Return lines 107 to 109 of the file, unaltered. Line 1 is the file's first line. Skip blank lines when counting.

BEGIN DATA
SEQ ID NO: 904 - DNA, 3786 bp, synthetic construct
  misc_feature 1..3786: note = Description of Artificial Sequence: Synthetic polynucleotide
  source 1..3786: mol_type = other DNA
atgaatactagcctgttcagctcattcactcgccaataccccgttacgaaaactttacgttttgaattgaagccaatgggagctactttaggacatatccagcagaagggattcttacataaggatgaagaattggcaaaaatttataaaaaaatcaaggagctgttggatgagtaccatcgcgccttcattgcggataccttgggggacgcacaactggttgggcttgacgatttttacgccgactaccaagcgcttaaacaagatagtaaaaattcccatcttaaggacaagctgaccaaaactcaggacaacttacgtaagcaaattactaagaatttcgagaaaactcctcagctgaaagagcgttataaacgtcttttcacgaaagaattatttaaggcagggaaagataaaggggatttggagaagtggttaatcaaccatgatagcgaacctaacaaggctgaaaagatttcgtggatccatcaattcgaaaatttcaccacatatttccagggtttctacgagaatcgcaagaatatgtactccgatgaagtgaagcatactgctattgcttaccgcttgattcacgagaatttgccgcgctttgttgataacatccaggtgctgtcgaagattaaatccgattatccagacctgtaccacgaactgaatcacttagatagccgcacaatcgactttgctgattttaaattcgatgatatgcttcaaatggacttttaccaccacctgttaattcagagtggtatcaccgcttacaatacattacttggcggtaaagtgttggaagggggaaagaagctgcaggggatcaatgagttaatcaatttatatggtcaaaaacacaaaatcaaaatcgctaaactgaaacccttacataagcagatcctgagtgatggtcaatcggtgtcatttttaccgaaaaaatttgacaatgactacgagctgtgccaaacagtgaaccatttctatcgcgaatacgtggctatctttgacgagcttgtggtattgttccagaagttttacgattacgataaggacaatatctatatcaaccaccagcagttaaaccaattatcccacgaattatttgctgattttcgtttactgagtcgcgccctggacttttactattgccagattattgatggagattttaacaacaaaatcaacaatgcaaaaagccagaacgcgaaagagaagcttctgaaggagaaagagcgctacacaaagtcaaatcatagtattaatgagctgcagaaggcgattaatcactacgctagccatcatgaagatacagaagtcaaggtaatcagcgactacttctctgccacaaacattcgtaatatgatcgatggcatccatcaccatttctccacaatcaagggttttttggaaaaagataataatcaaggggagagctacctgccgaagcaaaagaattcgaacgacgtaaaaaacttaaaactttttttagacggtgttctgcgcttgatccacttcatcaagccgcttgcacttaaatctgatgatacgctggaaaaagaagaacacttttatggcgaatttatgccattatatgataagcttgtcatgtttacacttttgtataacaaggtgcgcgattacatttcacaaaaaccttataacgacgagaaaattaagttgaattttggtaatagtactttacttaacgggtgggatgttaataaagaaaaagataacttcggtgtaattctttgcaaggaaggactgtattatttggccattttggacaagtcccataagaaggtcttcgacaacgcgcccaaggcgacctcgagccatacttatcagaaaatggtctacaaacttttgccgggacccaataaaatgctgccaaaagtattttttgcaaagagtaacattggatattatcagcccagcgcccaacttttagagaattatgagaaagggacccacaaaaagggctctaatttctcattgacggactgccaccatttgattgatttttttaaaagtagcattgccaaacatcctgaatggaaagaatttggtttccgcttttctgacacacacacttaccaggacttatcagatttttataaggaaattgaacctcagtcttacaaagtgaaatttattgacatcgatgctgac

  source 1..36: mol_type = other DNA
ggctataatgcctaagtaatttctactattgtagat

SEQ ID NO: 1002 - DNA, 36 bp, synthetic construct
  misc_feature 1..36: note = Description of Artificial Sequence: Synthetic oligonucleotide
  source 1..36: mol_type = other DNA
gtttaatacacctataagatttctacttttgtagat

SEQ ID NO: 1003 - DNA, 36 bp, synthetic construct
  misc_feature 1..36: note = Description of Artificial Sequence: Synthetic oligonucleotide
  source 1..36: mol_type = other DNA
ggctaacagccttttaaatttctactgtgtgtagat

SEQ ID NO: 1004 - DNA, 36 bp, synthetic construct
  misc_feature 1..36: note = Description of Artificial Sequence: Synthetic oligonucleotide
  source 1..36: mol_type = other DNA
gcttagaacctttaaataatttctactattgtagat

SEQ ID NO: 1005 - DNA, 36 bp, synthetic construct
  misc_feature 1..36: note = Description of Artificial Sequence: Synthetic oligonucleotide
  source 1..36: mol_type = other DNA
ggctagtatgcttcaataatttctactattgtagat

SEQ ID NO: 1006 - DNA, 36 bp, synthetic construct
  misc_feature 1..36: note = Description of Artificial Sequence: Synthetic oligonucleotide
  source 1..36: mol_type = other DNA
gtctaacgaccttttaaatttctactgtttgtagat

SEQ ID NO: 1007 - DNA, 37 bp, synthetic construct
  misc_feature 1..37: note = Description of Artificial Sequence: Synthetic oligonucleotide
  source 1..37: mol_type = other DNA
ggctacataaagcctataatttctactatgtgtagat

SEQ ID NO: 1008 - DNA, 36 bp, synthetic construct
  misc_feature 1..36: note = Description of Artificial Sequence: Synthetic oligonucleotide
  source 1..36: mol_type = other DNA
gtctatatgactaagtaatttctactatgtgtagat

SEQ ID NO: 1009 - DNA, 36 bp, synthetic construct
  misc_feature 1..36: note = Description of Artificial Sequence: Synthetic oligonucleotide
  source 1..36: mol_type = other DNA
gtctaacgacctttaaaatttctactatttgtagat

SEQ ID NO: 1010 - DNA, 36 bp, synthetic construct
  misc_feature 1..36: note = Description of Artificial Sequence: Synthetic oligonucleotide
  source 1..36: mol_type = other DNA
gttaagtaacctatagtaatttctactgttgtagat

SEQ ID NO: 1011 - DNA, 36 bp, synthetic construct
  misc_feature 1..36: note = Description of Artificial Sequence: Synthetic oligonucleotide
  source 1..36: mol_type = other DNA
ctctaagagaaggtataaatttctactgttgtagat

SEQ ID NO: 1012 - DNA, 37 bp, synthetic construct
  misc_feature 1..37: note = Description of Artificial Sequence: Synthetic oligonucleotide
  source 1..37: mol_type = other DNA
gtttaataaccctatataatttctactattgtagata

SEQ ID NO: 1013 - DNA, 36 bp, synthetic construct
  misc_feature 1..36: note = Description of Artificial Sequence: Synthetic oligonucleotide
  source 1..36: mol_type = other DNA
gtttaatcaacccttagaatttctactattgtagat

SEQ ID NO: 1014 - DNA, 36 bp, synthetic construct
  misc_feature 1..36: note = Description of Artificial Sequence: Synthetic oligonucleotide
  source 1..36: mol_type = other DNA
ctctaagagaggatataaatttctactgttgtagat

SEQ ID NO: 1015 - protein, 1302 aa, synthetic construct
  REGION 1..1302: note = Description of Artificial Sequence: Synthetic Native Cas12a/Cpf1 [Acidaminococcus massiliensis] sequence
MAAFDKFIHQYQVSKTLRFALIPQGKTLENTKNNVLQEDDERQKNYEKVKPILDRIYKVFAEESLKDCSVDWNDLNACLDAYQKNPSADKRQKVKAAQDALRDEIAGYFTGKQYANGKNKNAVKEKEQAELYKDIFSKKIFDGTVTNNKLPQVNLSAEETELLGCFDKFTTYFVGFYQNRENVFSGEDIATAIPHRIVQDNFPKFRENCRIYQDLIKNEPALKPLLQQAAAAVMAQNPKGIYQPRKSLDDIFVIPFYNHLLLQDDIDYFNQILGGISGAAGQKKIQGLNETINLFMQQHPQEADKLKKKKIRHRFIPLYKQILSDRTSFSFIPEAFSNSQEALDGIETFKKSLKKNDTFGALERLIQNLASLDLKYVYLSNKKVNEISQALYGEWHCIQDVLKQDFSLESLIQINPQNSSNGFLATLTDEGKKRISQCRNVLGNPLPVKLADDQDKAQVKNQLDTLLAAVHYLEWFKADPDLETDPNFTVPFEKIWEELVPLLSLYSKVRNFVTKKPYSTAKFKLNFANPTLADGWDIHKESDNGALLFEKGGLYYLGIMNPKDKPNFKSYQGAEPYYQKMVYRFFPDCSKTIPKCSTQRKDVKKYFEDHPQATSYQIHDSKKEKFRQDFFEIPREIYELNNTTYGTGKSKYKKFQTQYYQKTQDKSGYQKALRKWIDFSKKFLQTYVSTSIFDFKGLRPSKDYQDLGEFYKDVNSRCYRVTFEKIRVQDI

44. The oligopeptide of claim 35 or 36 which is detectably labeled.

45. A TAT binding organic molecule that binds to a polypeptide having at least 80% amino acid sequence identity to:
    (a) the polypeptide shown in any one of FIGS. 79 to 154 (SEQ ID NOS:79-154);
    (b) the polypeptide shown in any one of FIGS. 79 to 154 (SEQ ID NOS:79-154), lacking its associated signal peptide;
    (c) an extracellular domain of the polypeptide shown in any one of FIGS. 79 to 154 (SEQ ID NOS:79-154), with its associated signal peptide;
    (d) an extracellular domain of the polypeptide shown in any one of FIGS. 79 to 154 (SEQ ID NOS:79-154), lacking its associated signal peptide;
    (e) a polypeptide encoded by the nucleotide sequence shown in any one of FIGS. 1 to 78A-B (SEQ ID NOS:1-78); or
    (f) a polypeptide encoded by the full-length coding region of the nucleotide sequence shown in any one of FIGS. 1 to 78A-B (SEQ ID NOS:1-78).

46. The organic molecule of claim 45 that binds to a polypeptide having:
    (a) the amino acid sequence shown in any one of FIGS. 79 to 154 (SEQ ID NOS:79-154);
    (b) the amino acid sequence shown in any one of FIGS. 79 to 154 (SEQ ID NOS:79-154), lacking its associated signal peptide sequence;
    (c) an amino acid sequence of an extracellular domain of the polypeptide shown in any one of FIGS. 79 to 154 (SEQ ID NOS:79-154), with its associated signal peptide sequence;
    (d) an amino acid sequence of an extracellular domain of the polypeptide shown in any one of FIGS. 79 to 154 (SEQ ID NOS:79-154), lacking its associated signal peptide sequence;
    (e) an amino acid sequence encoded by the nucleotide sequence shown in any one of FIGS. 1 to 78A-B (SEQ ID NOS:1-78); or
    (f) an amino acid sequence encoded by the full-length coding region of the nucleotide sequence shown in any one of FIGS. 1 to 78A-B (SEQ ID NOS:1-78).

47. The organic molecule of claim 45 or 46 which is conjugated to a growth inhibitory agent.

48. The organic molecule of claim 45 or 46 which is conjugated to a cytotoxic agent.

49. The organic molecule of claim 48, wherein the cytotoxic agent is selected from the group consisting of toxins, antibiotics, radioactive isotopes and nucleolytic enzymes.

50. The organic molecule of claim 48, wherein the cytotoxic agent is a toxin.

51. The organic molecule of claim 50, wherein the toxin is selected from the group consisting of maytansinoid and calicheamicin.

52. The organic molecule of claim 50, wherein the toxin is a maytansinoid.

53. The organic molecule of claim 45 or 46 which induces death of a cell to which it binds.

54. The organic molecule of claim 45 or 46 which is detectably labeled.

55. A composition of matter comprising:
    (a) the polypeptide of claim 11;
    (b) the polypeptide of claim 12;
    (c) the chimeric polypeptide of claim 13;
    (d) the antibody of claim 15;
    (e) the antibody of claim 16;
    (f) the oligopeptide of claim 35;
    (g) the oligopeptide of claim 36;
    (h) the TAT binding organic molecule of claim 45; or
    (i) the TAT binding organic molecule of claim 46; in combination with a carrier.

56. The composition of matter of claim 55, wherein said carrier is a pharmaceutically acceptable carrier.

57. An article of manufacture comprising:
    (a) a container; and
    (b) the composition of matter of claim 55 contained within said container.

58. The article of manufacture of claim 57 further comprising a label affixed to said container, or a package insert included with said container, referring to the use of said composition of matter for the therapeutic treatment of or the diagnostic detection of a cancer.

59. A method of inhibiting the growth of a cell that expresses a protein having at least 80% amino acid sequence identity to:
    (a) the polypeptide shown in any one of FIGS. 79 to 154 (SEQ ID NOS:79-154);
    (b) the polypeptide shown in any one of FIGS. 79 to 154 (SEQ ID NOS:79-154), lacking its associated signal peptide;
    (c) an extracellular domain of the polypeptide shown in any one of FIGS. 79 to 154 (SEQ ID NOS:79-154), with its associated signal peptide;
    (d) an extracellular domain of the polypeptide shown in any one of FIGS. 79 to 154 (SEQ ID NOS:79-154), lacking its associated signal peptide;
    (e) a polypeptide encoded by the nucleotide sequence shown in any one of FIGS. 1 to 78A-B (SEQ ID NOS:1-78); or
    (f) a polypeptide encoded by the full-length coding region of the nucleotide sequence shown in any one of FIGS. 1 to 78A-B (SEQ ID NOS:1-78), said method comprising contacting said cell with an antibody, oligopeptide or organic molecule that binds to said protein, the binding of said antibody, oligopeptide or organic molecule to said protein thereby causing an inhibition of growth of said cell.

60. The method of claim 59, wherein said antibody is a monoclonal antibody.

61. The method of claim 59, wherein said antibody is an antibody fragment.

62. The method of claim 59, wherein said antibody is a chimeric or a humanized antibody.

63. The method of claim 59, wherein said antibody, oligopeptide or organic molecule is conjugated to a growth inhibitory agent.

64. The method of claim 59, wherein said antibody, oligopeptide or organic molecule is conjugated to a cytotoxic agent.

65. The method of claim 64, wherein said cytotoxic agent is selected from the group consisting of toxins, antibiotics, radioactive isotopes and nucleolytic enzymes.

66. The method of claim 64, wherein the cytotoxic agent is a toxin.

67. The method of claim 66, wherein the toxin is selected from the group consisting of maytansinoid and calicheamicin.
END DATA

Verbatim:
60. The method of claim 59, wherein said antibody is a monoclonal antibody.

61. The method of claim 59, wherein said antibody is an antibody fragment.

62. The method of claim 59, wherein said antibody is a chimeric or a humanized antibody.